Pens forward Sergei Plotnikov is adjusting to life in a new world. The offseason signee arrived in Pittsburgh, halfway around the world from his home in Komsomolsk, Russia, on August 16th and has been trying to find his way.
The biggest barrier is language. Plotnikov does not speak English, though he is trying to learn the native tongue.
“Most of the time I spend at the rink and around the area,” Plotnikov said from his locker stall at the UPMC Lemieux Sports Complex via translator George Birman. “I’m trying to learn as quickly as possible. Right now I’m trying to find a place to live and adjust myself.”
Plotnikov feels most at home on a sheet of ice. The 25-year-old forward played six professional seasons of hockey in the Kontinental Hockey League for Khabarovsk Amur (2009-12) and Yaroslavl Lokomotiv (2012-15). He’s decided the time was right to bring his talents to the National Hockey League.
“Because first of all I’m getting older,” Plotnikov said. “If I wait any longer it will be harder to adjust in the future. That’s why I decided to go this year.”
And his decided destination was Pittsburgh.
“They’re a great team, great organization,” he said. “I like the style Pittsburgh plays. I like the players on the team, (Evgeni) Malkin, (Sidney) Crosby. They have a lot of great players. And every year they’re trying to win a Stanley Cup. That attracted me to Pittsburgh.”
Plotnikov (6-foot-2, 202 pounds) will also have to adjust to a new game and style of the play. The NHL has a smaller ice surface, is tighter checking and there is less of an up-and-down style.
“I have to learn everything,” Plotnikov said. “I have to adjust my entire style. You have to think quicker. You have to make decisions quicker. Everything is different. That’s why I’m here early, to have that feel and make adjustments.
“For me it’s important to meet everybody, get to know the guys, to adjust myself to a new ice size and get closer and ready for preseason.”
Pens head coach Mike Johnston said Tuesday that Crosby and new star winger Phil Kessel will start training camp on the same line. That leaves an opening to their left, and one player that could fill it is an old face.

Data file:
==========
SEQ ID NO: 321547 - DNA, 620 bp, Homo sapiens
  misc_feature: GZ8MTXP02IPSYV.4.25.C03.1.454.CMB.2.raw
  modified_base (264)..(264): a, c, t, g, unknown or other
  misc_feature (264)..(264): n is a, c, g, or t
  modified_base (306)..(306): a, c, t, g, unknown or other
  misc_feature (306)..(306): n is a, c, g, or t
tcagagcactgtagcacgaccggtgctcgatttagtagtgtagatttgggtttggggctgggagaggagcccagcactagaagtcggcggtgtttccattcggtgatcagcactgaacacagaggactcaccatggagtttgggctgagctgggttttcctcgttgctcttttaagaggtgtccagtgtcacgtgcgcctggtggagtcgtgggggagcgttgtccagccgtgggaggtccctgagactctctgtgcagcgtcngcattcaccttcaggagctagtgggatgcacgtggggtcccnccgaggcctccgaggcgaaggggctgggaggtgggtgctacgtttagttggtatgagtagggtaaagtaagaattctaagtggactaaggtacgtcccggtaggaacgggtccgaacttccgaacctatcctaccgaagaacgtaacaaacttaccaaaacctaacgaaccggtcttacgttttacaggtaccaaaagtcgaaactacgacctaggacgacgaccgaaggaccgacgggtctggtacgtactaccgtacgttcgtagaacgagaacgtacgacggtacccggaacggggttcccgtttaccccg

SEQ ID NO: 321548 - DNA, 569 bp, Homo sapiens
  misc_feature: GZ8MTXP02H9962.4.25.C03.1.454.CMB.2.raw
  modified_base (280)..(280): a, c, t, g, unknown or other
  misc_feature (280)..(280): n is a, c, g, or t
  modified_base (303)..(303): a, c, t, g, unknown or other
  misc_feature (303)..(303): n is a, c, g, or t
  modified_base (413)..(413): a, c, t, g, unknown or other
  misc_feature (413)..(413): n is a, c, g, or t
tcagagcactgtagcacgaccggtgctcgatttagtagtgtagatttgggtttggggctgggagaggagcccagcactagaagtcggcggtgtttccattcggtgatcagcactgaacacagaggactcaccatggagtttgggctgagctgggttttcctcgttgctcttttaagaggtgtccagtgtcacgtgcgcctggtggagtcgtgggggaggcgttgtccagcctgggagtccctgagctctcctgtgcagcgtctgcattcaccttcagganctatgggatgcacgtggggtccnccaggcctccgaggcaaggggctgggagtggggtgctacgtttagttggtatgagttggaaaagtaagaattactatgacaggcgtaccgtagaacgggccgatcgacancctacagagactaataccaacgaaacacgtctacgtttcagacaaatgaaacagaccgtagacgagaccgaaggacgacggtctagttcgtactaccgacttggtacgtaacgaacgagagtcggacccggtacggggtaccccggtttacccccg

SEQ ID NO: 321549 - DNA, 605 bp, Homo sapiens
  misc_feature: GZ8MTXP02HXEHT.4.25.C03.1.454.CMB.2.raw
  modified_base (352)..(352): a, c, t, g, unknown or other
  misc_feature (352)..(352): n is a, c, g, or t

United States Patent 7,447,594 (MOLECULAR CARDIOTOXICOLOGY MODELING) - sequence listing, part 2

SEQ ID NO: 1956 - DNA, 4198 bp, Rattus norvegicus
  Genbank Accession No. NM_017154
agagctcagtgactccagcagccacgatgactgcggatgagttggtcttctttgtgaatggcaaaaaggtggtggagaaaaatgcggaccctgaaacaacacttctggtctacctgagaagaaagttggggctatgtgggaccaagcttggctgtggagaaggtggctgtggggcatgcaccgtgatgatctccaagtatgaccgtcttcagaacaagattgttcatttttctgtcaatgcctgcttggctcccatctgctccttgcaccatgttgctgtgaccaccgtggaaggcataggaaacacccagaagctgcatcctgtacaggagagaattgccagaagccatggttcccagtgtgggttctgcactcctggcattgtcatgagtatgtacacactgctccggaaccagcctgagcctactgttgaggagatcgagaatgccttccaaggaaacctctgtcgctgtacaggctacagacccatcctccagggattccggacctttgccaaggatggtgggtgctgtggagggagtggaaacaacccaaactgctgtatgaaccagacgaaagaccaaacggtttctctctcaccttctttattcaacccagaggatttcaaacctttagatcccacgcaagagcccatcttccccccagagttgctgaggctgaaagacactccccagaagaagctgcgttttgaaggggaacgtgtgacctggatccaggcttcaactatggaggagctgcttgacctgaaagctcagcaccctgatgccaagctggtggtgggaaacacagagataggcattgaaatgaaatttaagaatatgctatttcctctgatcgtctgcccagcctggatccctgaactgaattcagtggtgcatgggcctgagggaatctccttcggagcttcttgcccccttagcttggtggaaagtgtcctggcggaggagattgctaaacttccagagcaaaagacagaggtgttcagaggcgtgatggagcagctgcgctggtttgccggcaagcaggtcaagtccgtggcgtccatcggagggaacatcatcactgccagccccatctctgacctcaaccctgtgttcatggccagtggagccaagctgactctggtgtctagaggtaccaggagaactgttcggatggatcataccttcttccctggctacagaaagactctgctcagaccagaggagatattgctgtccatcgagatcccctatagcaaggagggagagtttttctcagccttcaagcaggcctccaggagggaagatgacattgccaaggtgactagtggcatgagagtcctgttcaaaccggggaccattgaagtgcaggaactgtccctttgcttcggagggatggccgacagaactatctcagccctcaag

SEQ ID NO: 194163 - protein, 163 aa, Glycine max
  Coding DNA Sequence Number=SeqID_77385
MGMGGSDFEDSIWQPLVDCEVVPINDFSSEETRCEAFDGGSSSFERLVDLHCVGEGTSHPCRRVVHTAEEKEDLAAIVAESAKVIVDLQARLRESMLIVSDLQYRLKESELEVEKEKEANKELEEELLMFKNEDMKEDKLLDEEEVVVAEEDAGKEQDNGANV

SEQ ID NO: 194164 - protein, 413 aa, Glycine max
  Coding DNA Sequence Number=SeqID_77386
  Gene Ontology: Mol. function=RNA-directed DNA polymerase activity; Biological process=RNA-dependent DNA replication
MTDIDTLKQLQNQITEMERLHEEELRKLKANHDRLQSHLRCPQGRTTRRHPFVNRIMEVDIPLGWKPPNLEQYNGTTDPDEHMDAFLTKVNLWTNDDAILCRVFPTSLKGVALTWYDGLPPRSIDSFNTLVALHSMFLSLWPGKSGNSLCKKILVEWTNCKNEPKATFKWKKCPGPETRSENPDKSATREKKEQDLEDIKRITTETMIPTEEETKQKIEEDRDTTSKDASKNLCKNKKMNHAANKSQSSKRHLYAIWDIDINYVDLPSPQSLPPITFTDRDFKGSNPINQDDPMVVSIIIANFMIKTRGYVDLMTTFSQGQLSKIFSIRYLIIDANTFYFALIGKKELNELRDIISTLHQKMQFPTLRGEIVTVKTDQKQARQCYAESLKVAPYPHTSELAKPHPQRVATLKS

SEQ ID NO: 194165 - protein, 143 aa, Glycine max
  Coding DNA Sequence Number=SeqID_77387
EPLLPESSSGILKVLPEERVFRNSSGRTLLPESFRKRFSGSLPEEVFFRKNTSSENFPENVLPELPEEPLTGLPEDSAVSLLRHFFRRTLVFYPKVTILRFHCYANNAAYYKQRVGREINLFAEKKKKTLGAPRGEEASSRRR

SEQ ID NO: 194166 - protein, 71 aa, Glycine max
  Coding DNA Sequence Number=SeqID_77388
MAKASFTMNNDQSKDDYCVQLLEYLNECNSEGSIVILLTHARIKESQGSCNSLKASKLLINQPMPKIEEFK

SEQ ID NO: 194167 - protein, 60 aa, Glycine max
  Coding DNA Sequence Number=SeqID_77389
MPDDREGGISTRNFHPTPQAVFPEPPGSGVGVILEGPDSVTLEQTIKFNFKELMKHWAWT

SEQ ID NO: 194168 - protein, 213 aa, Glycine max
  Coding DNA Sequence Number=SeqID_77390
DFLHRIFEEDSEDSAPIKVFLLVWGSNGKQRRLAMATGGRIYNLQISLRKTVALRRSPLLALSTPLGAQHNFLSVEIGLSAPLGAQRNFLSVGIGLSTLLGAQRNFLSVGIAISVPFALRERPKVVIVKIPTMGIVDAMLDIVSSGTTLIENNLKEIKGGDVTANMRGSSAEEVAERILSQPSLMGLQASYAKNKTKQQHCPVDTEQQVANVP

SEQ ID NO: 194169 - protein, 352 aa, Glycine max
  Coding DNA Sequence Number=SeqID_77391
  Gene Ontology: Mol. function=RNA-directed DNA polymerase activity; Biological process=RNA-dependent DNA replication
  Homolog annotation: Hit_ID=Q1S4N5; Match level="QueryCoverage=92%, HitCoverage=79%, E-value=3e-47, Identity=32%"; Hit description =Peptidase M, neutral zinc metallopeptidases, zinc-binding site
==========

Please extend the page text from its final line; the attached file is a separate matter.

“You have to go out and play whatever way helps the team. It’s something I’ve always done,” forward Chris Kunitz said. “Wherever that puts you, you have to go out and prove that you deserve to play there. You have to earn your way every single year. That’s the mindset going into training camp. Go earn your spot to where you go and do it to the best of your ability.”
Kunitz is no stranger to Crosby. The two has played together ever since Kunitz was acquired from Anaheim at the trade deadline in 2009. Whenever Crosby has been healthy and in the lineup, Kunitz has flanked his side (the only exception being when Crosby missed a majority of the 2011-12 season and Kunitz played with Malkin).
Just two years ago Kunitz enjoyed a career year with 35 goals and 68 points. He’s a seven-time 20-goal scorer and plays a physical brand of hockey that leads to puck possession and open ice for his linemates.
“If I can get to my game, getting pucks, giving it to guys with speed, getting to the net and hanging around those areas, those are things I’ve tried to work into my game,” Kunitz said.
Kunitz knows that nothing will be handed to him in training camp. This is the deepest group of forwards the Pens have had in some time, and it will lead to a competitive battle for roster spots.
“Guys will have to prove themselves all over the ice,” he said. “You have to get up every single day and be prepared to play. There will be a lot of interchanging. I don’t think there will be a lot of set pieces in training camp. They’ll be rolling guys, trying different things. You have to make sure you’re ready to play everyday.”
The Pens’ biggest strength, as it has been in years past, is going to be down the middle. One reason for that is the acquisition of center Nick Bonino from Vancouver. He hit the ice Thursday afternoon with his new teammates for the first time.
“Got on the ice today for a long, hard skate, and a good lift before,” he said. “It’s good to meet the guys. Everyone’s been very welcoming. It’s good so far.
“Right now it’s just getting into game shape. Guys are getting the rust out and that’s why it’s good to get in early.”
Bonino, who joined his new teammates for some golf on Wednesday, can play both center and wing. But he anticipates starting off the season in the middle.
“From talking to the coaches it seems like center, but it’s not for me to decide,” Bonino said. “I’ll play where they want me to play. We’ve got so many good players I don’t think it’s a bad spot to play with anyone on this team.”
The Pens continue to skate informally at the new UPMC Lemieux Sports Complex. Thursday’s session was organized by former Pen Jay Caufield. Notable attendees were Crosby, Kunitz, Pascal Dupuis, Bonino, Plotnikov and Rob Scuderi.
Non-Pens attendees were Brandon Saad, Eric Tangradi, Vince Trocheck and Stephen Johns.
Photo credit: Dave Geier